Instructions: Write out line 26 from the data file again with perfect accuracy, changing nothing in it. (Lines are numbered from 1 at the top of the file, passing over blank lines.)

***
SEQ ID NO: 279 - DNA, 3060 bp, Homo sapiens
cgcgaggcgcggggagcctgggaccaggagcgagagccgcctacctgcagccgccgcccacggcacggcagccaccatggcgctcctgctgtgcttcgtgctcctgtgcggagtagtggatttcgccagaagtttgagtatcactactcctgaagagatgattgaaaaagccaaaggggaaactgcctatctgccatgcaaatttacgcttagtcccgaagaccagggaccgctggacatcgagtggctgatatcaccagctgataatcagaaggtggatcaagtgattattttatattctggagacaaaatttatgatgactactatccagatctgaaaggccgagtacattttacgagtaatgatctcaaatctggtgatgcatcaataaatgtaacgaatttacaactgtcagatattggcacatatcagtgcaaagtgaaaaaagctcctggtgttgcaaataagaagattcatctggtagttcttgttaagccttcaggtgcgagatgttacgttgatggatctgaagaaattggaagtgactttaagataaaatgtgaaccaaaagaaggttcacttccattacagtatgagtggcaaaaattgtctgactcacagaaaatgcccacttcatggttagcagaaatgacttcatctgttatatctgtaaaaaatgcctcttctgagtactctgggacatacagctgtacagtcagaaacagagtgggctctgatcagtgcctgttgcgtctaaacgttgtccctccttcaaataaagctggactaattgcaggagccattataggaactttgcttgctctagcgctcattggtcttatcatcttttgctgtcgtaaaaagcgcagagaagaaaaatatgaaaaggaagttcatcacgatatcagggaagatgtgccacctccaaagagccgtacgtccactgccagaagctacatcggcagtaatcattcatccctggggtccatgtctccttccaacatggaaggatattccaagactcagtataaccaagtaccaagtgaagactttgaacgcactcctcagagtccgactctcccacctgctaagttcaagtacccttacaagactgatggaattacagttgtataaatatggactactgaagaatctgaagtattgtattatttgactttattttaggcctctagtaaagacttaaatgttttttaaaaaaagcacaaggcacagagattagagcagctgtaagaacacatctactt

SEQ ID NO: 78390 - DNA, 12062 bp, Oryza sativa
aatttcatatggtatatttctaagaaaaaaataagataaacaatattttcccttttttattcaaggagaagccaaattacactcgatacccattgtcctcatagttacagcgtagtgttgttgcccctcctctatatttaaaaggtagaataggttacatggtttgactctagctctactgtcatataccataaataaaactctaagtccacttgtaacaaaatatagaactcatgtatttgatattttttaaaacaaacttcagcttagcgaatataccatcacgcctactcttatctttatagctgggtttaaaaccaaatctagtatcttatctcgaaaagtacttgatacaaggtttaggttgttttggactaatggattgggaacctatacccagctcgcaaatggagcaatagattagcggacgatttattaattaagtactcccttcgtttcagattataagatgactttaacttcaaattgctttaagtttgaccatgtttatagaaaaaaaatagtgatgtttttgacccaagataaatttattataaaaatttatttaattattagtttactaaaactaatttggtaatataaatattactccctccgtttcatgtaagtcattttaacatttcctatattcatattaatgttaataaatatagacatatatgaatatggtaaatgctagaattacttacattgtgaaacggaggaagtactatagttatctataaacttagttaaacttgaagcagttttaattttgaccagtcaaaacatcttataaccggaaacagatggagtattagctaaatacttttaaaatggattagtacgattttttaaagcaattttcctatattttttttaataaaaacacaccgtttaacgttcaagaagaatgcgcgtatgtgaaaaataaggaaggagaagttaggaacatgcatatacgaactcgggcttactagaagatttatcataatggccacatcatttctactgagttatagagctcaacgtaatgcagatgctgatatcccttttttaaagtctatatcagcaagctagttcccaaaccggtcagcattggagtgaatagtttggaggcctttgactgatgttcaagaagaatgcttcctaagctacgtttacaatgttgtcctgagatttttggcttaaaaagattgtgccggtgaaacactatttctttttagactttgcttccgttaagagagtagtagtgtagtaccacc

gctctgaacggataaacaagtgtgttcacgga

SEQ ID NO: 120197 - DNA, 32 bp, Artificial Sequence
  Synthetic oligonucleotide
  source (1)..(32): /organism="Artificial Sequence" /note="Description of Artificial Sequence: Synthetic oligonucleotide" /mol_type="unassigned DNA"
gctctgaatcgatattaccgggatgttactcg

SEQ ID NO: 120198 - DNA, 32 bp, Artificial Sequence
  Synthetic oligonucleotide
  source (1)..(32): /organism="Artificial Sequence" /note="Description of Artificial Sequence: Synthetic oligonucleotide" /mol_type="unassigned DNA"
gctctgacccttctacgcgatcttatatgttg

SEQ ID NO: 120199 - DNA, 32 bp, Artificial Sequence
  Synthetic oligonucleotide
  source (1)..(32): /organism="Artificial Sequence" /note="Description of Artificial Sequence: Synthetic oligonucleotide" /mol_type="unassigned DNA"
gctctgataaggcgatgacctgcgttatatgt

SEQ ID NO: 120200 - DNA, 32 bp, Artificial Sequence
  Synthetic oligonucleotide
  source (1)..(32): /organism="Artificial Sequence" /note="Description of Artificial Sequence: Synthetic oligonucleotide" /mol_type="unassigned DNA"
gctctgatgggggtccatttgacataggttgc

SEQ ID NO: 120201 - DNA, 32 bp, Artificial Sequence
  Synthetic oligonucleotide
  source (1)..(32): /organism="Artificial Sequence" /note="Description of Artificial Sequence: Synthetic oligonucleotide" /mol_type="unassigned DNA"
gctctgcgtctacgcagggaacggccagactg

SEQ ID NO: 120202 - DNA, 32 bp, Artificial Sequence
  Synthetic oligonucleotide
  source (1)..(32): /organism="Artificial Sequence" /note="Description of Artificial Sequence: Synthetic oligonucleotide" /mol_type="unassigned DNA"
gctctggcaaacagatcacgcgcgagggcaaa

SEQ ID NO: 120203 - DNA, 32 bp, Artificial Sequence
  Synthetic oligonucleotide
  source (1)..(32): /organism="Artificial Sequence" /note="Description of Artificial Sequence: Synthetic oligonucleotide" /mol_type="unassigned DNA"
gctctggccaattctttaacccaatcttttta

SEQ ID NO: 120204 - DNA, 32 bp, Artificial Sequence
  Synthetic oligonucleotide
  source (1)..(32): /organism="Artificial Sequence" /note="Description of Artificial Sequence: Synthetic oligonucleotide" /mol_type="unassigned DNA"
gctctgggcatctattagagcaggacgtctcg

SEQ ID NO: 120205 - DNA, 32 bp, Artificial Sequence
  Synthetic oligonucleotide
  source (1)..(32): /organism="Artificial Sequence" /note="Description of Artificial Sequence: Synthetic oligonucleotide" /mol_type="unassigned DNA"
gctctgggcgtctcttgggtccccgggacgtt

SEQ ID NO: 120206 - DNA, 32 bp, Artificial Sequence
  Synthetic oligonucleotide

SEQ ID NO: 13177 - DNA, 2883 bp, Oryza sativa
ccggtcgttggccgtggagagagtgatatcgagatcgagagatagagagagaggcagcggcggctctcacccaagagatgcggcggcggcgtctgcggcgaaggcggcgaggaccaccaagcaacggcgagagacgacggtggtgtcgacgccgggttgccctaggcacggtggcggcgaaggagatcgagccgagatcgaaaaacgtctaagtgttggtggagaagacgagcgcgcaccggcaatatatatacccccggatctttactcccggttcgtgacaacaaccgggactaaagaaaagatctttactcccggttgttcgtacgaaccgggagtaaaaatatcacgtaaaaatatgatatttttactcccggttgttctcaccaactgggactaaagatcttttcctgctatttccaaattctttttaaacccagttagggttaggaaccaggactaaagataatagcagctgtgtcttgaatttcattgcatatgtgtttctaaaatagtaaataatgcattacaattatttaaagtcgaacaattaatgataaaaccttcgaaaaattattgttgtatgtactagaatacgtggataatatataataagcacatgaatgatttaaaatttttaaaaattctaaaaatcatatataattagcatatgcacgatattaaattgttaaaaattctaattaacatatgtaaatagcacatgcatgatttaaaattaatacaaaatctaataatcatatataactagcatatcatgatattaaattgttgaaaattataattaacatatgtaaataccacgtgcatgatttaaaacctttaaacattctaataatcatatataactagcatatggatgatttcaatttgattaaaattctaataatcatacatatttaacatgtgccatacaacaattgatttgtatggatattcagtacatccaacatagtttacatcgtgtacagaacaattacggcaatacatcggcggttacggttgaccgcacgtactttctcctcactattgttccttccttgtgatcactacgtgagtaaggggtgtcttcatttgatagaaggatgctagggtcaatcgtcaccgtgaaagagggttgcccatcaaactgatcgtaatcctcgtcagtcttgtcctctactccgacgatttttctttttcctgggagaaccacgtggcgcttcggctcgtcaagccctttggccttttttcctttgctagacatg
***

SEQ ID NO: 120202 - DNA, 32 bp, Artificial Sequence